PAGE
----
“Using Quincy neighborhoods as a traffic corridor without compensation to Quincy taxpayers for infrastructure damage is poor for an administration that constantly shouts about infrastructure issues.” — Dale S., Quincy
“The city of Boston allowed the previous bridge to deteriorate to the point that it had to be demolished. To rebuild or build a new bridge will result in a huge amount of inconvenience for those who live along the route that construction vehicles and workers will need to take to get to the construction site. Based on this and the likely huge cost of this project and the typical high overruns of any large project, I think a ferry system similar to that used for Thompson Island would be a better solution.” — Jack B., Quincy
“Once built, recovery services and needs will be ‘out of sight, out of mind’ for individuals. I know of several people who worked at the Long Island Shelter for years and spoke of the warehousing aspect. Once an individual arrived, it was very difficult for them to leave or be transferred elsewhere for services or to find a job. I am concerned the same situation will exist if it is rebuilt. We will put people out there and forget about them. I don’t like what is going on at Mass. and Cass, but we have seen a significant increase in services and recovery programs with this eyesore. Only by addressing ways for people in recovery to completely reintegrate into society will we truly address the drug epidemic.” — Mags, Boston
What other options should Boston explore to address the addiction crisis?
“The City of Boston owns properties and buildings in every neighborhood in Boston. These premises should be turned into treatment centers. This would allow each neighborhood to share in the opportunity to solve the issue. Long Island is a NIMBY choice for ‘out of sight, out of mind’ warehousing of the addicted individuals.” — Anonymous, Quincy
“In addition to offering more harm reduction strategies (safe injection sites with certified addiction specialists on-site MUST be, at the very least, considered), we have to stop paying lip service and put actual funding into the concepts of restoring mental health resources. Creating more certified and accountable addiction recovery centers with beds and truly safe environments, transitional housing, and transitional jobs with skills-building programs that lead to actual, available, and sustainable jobs.
“There have to be trauma-related counseling services built into all of this. A more concerted effort to educate and inform the general public about the disease of addiction — not just prevention, but an understanding of the issue needs to be made because the stigma around addiction and mental illness is still a powerful deterrent to those needing and seeking help and ignorance of the issues is the driver to that stigma. None of this is clean or easy, but it is all completely necessary if we ever want to make more of an impact than simply shuffling those suffering in the throes of addiction and mental illness from one dangerous, depressing street to another.” — Peter V., South Boston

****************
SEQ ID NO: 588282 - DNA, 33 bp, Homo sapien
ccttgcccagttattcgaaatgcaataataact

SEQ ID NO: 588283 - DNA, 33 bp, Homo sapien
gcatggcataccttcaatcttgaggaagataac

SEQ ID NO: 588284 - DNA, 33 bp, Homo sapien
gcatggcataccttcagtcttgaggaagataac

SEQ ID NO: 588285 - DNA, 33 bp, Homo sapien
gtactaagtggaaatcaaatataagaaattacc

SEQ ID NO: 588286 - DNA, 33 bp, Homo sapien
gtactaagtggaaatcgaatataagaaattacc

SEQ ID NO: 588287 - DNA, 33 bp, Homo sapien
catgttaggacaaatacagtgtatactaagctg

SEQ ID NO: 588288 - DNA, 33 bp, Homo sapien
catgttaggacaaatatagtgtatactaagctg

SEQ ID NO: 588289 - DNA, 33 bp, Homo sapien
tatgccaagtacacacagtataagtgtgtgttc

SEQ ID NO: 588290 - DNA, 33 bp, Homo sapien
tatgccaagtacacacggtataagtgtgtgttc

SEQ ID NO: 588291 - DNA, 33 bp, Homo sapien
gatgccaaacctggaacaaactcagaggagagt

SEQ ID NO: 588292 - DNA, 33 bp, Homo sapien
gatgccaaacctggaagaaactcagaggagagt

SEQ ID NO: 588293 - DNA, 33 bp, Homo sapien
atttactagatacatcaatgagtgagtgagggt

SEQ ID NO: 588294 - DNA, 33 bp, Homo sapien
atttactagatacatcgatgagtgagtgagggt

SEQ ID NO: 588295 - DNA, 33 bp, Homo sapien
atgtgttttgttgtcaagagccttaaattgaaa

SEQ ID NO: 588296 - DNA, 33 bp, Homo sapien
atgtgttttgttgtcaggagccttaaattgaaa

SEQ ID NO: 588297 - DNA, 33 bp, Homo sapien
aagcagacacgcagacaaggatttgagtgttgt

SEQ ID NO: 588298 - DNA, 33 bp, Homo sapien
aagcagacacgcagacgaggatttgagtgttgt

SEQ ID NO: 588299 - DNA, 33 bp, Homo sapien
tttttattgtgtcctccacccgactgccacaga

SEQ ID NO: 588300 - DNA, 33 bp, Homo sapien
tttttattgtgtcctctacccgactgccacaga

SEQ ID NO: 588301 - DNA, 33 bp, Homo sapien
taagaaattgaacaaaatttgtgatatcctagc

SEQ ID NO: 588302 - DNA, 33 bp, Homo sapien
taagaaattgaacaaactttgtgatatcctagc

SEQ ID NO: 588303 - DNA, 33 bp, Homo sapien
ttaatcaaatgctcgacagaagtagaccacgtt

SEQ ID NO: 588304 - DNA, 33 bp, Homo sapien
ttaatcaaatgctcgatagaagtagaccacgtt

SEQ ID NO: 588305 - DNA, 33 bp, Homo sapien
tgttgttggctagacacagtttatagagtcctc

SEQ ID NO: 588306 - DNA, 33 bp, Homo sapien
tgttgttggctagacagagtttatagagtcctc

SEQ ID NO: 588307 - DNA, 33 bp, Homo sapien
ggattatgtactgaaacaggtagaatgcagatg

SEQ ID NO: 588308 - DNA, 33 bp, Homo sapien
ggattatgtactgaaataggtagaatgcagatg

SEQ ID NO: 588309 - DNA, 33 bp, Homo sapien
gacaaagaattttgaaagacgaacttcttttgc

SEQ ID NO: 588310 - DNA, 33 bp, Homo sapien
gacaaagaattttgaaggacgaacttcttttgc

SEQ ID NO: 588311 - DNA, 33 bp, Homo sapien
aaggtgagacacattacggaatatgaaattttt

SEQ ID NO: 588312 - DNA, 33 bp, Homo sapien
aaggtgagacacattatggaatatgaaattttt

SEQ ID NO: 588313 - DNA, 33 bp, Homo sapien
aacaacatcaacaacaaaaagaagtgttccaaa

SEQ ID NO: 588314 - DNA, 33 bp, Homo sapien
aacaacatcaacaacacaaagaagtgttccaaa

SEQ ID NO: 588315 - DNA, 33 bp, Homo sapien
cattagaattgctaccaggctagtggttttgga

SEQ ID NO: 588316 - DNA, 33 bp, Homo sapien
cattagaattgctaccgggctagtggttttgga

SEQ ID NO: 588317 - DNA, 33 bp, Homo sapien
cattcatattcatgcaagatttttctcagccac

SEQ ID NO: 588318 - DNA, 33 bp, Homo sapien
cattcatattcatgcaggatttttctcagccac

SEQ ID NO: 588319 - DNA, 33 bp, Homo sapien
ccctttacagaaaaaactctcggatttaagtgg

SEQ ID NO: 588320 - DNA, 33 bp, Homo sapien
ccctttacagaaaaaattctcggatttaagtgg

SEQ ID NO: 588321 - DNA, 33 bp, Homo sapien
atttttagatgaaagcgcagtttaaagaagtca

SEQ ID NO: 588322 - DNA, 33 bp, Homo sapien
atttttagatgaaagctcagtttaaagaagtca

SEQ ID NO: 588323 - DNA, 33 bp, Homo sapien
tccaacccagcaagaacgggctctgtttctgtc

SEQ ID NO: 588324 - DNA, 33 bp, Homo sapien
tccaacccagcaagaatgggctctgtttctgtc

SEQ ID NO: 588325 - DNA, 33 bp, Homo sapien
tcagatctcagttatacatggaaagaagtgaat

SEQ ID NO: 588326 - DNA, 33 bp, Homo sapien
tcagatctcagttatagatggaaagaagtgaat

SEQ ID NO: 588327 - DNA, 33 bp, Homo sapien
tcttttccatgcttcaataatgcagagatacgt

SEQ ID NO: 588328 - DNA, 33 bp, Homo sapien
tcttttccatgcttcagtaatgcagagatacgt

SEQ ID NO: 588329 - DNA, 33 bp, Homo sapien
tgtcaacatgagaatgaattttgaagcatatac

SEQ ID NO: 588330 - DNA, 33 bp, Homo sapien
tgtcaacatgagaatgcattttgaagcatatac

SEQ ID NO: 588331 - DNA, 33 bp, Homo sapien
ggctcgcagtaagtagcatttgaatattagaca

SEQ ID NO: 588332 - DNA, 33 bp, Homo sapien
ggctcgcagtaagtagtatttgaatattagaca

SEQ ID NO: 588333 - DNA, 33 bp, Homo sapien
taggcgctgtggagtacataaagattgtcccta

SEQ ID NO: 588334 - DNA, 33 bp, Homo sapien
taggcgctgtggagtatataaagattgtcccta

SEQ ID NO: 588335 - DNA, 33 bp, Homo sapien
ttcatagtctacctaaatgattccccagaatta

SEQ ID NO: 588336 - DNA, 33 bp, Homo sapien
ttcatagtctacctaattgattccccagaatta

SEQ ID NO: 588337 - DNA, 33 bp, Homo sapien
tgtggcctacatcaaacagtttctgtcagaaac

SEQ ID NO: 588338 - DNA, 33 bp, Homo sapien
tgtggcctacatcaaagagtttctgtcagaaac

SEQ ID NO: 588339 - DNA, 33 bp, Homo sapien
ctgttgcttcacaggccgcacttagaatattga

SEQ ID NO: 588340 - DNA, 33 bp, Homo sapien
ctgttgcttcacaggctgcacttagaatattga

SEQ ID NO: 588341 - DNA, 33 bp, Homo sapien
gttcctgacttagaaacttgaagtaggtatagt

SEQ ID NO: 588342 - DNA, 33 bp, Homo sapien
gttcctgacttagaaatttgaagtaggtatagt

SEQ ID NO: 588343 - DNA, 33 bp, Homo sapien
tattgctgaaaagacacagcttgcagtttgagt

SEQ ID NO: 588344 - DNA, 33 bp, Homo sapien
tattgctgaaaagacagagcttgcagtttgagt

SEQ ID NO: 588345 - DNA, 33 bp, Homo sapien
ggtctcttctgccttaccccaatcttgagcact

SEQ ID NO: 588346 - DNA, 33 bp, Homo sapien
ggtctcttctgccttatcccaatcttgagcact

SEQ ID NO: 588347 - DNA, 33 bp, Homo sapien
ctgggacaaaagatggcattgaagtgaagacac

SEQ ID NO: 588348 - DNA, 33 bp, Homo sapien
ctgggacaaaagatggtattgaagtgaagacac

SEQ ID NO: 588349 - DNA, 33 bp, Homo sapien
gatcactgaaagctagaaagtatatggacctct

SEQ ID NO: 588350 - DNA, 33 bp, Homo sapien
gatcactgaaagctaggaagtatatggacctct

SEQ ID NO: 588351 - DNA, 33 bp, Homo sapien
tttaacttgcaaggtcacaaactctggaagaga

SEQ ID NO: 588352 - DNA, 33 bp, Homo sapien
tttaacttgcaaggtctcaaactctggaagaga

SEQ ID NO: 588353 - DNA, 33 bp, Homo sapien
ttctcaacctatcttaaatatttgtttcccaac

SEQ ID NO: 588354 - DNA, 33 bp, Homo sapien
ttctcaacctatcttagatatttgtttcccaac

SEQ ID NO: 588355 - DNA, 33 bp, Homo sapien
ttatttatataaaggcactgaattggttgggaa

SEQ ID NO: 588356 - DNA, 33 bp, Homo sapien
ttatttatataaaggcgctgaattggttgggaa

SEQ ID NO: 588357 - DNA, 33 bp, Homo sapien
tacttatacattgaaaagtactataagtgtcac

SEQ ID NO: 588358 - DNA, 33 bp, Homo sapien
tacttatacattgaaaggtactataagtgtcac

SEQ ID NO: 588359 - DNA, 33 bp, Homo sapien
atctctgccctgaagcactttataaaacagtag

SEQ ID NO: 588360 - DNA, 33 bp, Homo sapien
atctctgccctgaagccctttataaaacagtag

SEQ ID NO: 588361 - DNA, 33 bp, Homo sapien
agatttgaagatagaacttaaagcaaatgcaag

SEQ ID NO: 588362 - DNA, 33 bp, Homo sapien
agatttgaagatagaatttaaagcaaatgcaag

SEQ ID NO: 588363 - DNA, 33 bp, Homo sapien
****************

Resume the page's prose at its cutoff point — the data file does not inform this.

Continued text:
“Clean needle sites, drug clinics for addicts to obtain clean drugs at reasonable prices, or even for free, and to provide treatment for those who want to get away from drugs. This should include not just medical services, but job training and placement; and follow-through for those who need it.” — Anabel G., Lexington
“Housing and treatments are great starting points, but they’re just that: starting points. Ideally, we should be trying to reintegrate these people into society through meaningful opportunities, primarily those of employment and social connection. I would love to see a dedicated job placement effort for people undergoing treatment and I would also strongly recommend connecting people with other opportunities for meaningful, wholesome networking in the community such as volunteering opportunities. I know there would be a lot of details to hash out but time and time again, it’s been shown that people need those kinds of things to lead happy and rewarding lives while also not falling back into the crux of substance use disorder.” — Alex, Cambridge
Boston.com occasionally interacts with readers by conducting informal polls and surveys. These results should be read as an unscientific gauge of readers’ opinion.